Saturday, August 2, 2014

Lord of the Flies: How Shawn Brillon Decides Which Patterns Make It Into the Orvis Catalog

Via Orvis News:

Brillon doesn’t judge flies by their looks; he wants to know how they perform on the water.
Photo courtesy Shawn Brillon
“Here, I’ve got something to show you,” says Shawn Brillon, the man who chooses which new fly patterns will make it into the Orvis collection. “Wait until you see my most recent submission.”
“Is it a Woolly Bugger?” I joke.
“Good guess,” he replies, holding up a Zip-Loc back containing what look to be several tiny, beadhead versions of the venerable pattern invented by Pennsylvanian Russell Blessing in 1967. “Poor guy thinks he’s invented a new killer fly, too.”
According to Brillon (rhymes with million), 90 percent of the submissions that litter his desk here at Orvis headquarters in Sunderland, Vermont, are little more than slight variations of existing patterns—a tweak here, a new material there. Of course, this is understandable, as there are only so many ways to attach fur, feathers, and other materials to a hook, and folks have been creating flies for hundreds of years. Chances are, your great idea has probably already been done.
If that’s the case, then, what does it take for a pattern to make it from a tier’s vise to the pages of the Orvis catalog? It turns out that Brillon’s process considers much more than the actual fly before him.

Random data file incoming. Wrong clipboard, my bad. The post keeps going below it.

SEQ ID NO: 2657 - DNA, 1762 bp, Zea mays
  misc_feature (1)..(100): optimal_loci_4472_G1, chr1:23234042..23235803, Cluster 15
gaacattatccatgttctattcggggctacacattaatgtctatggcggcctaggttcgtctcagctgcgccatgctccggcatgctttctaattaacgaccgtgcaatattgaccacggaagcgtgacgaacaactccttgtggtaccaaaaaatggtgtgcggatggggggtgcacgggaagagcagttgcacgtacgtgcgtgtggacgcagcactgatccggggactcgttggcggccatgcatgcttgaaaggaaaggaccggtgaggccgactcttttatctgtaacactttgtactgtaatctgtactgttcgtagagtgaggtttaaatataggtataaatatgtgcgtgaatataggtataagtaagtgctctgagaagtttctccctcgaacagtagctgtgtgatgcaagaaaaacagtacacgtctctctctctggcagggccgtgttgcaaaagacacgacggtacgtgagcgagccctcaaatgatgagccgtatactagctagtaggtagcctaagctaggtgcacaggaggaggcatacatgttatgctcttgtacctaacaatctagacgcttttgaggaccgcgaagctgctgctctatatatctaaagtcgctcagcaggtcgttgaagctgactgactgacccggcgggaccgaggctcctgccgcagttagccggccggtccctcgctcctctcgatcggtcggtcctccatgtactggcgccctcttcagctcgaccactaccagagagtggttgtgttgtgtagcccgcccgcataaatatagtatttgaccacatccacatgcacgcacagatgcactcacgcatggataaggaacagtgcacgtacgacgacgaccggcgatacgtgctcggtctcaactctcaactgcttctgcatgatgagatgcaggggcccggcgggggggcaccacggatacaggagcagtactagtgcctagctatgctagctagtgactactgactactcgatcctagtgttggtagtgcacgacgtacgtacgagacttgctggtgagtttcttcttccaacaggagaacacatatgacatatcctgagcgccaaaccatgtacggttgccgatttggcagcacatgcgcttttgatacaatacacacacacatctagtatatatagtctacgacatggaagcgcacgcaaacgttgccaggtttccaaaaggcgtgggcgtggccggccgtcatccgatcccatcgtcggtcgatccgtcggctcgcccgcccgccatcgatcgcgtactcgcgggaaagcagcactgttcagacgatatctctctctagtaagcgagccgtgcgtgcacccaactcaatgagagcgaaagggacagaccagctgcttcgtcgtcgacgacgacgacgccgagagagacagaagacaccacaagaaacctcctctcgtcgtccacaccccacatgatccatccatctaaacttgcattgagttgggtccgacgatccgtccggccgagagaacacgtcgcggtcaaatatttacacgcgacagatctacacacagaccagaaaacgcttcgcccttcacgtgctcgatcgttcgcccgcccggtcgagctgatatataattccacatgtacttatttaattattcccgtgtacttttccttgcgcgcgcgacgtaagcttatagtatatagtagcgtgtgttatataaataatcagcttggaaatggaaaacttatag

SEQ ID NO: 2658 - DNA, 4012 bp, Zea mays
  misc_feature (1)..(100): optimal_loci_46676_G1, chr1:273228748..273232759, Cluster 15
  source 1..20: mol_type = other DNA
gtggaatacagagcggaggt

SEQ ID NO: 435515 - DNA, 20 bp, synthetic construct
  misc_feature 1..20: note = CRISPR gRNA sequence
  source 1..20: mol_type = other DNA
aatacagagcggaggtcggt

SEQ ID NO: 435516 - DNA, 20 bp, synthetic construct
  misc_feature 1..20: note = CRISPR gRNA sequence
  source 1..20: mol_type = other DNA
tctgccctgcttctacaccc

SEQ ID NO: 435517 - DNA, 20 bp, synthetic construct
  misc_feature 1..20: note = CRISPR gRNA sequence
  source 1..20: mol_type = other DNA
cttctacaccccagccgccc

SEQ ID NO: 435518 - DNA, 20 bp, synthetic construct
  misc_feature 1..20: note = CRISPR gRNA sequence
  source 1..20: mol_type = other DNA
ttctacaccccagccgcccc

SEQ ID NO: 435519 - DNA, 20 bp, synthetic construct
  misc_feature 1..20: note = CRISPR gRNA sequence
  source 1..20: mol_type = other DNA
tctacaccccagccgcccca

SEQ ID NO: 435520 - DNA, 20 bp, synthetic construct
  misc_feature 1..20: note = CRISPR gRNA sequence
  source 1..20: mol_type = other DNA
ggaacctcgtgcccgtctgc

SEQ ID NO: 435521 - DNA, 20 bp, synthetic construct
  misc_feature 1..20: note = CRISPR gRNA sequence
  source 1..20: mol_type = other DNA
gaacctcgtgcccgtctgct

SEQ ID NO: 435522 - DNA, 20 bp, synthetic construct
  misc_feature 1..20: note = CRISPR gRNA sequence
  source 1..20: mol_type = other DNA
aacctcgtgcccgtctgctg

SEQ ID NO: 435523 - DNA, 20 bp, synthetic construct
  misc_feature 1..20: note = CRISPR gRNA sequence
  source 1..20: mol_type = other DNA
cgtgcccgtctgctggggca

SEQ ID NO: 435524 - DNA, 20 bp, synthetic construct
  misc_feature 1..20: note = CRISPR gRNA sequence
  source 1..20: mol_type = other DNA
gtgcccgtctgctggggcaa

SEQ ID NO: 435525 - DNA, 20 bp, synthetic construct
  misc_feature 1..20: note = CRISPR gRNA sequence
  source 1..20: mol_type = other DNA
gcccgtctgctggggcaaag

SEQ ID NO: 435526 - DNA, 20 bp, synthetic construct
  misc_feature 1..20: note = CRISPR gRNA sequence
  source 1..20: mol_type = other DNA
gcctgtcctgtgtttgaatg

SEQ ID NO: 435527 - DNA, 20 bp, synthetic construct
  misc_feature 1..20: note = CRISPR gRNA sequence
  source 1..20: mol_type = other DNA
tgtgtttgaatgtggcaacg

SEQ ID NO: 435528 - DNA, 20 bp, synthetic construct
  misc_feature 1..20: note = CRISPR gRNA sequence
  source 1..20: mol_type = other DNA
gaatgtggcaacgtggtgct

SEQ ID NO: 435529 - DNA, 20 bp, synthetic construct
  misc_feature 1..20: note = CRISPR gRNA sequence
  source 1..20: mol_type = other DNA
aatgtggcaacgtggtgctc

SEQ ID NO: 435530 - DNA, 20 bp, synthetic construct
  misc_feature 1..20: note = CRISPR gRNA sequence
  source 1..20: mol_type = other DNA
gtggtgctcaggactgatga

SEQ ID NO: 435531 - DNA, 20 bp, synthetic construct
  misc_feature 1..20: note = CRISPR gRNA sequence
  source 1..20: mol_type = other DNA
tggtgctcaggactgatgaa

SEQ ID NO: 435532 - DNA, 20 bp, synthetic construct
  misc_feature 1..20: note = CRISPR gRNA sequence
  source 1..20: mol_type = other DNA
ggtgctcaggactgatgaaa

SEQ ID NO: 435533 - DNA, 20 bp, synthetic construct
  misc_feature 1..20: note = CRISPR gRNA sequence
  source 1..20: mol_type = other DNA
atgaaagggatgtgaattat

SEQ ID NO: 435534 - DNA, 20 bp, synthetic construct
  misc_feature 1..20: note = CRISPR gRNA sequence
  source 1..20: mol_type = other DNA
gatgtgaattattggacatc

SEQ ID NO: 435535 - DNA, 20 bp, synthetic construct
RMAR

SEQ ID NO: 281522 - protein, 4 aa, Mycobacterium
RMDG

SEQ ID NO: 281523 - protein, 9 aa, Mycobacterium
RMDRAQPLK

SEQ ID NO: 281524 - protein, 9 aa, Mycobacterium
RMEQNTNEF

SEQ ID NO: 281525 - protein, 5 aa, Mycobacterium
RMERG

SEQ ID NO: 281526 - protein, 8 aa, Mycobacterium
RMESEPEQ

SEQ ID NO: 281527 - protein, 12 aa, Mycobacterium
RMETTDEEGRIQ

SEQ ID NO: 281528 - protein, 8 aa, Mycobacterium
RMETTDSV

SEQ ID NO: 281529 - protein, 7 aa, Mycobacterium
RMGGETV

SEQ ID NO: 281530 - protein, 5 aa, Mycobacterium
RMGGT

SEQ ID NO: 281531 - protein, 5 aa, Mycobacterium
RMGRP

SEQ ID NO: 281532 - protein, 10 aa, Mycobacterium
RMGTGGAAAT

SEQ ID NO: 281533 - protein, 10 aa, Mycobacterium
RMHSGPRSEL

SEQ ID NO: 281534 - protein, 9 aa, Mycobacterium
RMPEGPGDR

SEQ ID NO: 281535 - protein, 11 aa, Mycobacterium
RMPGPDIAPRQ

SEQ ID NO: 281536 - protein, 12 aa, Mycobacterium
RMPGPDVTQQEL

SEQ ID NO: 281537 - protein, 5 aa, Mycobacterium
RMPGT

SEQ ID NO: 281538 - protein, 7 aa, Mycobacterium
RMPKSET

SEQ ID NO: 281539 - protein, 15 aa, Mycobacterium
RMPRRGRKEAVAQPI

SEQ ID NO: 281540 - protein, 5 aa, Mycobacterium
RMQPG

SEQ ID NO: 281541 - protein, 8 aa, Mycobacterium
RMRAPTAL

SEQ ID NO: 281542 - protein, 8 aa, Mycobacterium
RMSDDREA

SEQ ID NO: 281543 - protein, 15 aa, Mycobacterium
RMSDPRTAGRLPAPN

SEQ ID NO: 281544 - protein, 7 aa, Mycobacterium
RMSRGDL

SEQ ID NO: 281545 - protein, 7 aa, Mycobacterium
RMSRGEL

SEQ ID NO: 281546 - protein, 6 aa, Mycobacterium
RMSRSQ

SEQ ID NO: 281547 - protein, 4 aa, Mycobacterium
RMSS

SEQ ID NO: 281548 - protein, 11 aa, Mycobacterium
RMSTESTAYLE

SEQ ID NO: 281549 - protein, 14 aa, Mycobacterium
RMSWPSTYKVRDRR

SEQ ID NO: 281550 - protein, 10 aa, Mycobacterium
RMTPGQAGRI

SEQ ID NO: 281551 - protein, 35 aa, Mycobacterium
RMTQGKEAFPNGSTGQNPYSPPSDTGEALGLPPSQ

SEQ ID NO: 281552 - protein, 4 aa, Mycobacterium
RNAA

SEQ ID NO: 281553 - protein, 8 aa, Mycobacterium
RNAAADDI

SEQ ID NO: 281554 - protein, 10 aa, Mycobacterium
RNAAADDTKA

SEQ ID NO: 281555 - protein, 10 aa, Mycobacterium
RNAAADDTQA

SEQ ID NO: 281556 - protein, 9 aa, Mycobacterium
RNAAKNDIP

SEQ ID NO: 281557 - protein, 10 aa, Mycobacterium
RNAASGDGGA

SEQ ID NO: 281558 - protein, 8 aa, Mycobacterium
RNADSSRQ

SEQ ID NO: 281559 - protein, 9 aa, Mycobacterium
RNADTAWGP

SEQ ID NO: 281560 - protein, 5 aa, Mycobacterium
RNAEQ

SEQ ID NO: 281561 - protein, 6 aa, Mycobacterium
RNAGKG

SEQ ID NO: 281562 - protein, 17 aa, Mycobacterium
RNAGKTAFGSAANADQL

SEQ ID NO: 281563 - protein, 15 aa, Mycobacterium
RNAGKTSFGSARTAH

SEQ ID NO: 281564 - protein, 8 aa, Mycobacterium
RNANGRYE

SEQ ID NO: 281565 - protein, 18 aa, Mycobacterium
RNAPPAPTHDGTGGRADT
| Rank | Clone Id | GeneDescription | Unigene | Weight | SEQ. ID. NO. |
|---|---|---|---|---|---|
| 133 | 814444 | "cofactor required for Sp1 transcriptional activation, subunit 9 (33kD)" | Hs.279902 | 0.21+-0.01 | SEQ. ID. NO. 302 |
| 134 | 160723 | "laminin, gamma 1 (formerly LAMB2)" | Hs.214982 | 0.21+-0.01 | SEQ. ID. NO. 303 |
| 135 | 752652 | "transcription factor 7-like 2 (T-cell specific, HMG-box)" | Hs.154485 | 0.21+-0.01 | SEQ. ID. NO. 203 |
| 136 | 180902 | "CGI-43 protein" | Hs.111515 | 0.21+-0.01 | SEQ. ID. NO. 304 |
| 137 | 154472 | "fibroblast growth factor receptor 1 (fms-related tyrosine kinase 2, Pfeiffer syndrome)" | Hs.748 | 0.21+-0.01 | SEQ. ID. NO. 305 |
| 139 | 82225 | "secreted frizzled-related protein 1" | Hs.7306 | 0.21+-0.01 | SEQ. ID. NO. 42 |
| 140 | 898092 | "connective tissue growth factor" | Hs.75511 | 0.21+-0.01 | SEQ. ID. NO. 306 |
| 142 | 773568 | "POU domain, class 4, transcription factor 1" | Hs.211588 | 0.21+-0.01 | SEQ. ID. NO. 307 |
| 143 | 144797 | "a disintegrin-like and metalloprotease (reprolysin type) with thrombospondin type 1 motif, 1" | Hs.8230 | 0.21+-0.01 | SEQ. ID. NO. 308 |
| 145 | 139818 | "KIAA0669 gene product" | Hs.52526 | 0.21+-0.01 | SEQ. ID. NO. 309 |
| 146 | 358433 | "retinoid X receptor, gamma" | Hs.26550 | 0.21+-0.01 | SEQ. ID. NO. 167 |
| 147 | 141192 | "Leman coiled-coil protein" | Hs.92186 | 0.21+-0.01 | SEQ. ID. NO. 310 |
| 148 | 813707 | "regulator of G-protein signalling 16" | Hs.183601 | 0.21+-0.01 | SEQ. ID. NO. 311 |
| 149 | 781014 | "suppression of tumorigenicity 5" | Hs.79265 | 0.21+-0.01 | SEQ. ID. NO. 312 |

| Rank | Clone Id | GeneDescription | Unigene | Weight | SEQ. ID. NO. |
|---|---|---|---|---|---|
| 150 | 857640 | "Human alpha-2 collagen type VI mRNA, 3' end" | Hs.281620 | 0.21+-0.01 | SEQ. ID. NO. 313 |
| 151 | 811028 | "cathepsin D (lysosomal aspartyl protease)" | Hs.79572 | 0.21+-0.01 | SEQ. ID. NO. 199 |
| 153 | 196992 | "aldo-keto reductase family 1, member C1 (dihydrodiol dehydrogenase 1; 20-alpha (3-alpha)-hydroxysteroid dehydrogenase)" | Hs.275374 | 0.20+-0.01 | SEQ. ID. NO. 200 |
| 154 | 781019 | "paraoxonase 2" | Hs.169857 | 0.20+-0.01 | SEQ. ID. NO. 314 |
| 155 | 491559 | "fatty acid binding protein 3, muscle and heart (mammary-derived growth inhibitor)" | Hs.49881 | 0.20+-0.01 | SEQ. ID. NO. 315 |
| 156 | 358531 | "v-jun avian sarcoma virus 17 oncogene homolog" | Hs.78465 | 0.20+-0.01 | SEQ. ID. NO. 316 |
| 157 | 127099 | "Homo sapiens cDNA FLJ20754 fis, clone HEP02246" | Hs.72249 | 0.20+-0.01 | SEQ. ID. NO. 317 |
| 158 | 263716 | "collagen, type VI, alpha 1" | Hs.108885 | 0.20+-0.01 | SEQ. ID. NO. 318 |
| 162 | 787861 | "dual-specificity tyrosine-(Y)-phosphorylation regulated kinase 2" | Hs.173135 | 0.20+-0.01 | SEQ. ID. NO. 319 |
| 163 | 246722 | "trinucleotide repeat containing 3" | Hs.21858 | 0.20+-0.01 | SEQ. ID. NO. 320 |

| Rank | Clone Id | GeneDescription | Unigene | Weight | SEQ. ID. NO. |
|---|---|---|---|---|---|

The initial evaluation of a new submission involves four criteria:
  1. Market Need: Does Orvis need this pattern to remain relevant in the current marketplace? A fly collection cannot survive if it contains only established patterns that everyone has seen before. If certain styles of flies or materials (say, foam terrestrials or jointed streamers) are creating a buzz in the fly-fishing world, they need to be represented.
  2. Following: Does the pattern already have a dedicated following? A compelling story about a fly’s history—i.e. “Savvy Midwestern anglers discovered this pattern last year, and it’s been responsible for some of the biggest steelhead of the season!”—offers a marketing advantage.
  3. Innovation: Is it truly something new and exciting that solves a problem? This is the real deal-breaker for most submissions. A new fly must be the product of both the tier’s creativity and his fly-fishing knowledge. Anglers need to recognize not only how a new fly is different, but whythe tier made the choices he or she did and how that will lead to more fish coming to the net.
  4. Sales Potential. This one is obvious. Flies that don’t sell are dropped pretty quickly to make room for something else.

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